Last week an article ran in Slate Magazine entitled "Are Sperm Donors Really Anonymous Anymore?" (never mind the gross number of factual errors throughout the entire article).
While I liked that they ran a story about this, it is yet another slap in the face to many adult offspring who are trying to find their roots. The story focuses on a DI mommy that wanted to find the donor/biological father of her child for whatever medical/emotional reason she (the mom) may have. Let me reiterate that. It is not the offspring searching!! So the DI mommy uses the DNA from one of her daughters' many half siblings to do genetic genealogy, and based on the large amount of "non-identifying" information provided by the donor, tracks him down and contacts him out of the blue on the phone!!!
While I believe that adult offspring should have every right guaranteed to them to find their missing kin, and I believe that anonymous donors are unethical....it is foolish behaviors as mentioned above that could potentially ruin it for a great many offspring in the future. Cryos, the largest sperm bank in the world, based in Denmark, is now trying to stop offspring from finding one another by abolishing the donor number and replacing it with a "fingerprint" that identifies the donor to Cryos but cannot be traced and compared among his many offspring. This is in direct result of instances such as with donor 3066, who was found by a mother and put in the difficult and inevitably disastrous situation of being confronted with 13 small donor conceived offspring and their mommies all vying for his attention.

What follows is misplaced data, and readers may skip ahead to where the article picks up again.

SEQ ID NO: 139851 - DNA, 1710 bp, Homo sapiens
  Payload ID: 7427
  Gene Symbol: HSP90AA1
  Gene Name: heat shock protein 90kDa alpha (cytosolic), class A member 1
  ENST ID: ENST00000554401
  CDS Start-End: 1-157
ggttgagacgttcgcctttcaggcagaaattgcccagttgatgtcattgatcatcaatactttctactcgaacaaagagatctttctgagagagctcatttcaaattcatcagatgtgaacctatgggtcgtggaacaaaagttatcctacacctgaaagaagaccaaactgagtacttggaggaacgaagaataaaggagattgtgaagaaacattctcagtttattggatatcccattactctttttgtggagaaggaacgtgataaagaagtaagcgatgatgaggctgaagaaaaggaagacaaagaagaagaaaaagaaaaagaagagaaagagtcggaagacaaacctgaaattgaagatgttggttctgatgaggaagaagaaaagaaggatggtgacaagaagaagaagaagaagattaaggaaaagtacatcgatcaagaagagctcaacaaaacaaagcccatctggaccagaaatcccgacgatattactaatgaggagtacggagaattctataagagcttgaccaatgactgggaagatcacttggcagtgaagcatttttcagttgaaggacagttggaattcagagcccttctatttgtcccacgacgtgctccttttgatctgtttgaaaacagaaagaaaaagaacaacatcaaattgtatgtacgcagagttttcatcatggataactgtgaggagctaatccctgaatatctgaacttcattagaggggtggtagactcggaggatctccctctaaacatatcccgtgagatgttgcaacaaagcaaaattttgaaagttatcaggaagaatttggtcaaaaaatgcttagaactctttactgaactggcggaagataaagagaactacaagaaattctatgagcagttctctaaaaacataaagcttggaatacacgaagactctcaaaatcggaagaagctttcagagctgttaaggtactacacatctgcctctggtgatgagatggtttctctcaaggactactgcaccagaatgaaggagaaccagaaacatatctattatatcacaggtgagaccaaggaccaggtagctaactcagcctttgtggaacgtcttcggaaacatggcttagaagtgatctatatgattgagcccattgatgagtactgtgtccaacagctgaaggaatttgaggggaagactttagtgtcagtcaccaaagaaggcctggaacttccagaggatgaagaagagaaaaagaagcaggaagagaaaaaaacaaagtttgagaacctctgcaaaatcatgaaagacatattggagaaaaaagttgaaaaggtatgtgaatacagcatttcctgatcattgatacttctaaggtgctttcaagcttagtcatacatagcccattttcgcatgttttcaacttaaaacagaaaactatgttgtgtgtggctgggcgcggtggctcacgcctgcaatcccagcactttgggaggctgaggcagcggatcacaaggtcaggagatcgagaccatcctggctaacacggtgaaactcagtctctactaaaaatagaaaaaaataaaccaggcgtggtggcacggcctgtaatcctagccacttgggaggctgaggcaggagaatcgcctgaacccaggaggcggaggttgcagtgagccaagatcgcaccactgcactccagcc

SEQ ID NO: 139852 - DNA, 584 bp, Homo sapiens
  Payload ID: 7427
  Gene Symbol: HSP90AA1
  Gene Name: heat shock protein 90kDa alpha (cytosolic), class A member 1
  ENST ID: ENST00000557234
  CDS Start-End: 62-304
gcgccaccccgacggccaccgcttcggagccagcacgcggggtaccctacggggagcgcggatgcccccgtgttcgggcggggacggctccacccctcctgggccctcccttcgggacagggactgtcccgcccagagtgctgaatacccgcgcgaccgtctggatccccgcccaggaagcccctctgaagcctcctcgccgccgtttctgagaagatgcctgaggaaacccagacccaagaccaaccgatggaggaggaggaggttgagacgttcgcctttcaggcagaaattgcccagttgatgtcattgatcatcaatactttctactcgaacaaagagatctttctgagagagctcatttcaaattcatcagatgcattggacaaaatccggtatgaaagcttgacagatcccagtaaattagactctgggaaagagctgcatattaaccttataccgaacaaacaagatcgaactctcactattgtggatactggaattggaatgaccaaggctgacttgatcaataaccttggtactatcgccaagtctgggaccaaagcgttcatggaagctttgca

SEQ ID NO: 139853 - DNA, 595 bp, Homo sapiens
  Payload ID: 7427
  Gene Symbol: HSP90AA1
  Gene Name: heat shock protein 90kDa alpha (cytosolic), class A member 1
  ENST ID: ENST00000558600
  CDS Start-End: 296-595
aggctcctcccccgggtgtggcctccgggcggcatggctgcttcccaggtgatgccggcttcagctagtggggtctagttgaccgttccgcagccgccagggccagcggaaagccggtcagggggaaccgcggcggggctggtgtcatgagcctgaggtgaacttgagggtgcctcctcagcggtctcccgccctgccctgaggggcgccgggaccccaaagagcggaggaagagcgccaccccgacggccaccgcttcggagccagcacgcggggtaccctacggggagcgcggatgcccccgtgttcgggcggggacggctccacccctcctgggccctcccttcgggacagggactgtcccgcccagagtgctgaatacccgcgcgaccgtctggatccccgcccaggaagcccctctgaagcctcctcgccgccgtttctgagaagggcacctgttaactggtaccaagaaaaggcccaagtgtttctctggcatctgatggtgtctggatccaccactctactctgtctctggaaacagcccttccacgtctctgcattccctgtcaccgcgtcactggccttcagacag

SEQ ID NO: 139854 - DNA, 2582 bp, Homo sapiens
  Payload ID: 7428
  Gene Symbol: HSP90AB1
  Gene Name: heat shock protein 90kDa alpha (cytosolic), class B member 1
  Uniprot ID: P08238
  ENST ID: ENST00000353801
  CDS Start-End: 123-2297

For example, the mom who traced him down using another child's DNA stated this:
"I e-mailed the group when I found him and said I thought you would want to know," she said. "Once they found out, everyone wanted to know who he was, and now he knows about all the kids. I talk to him a few times a year, but I'm the only mom who he's agreed to talk to, and we're the only family he's met."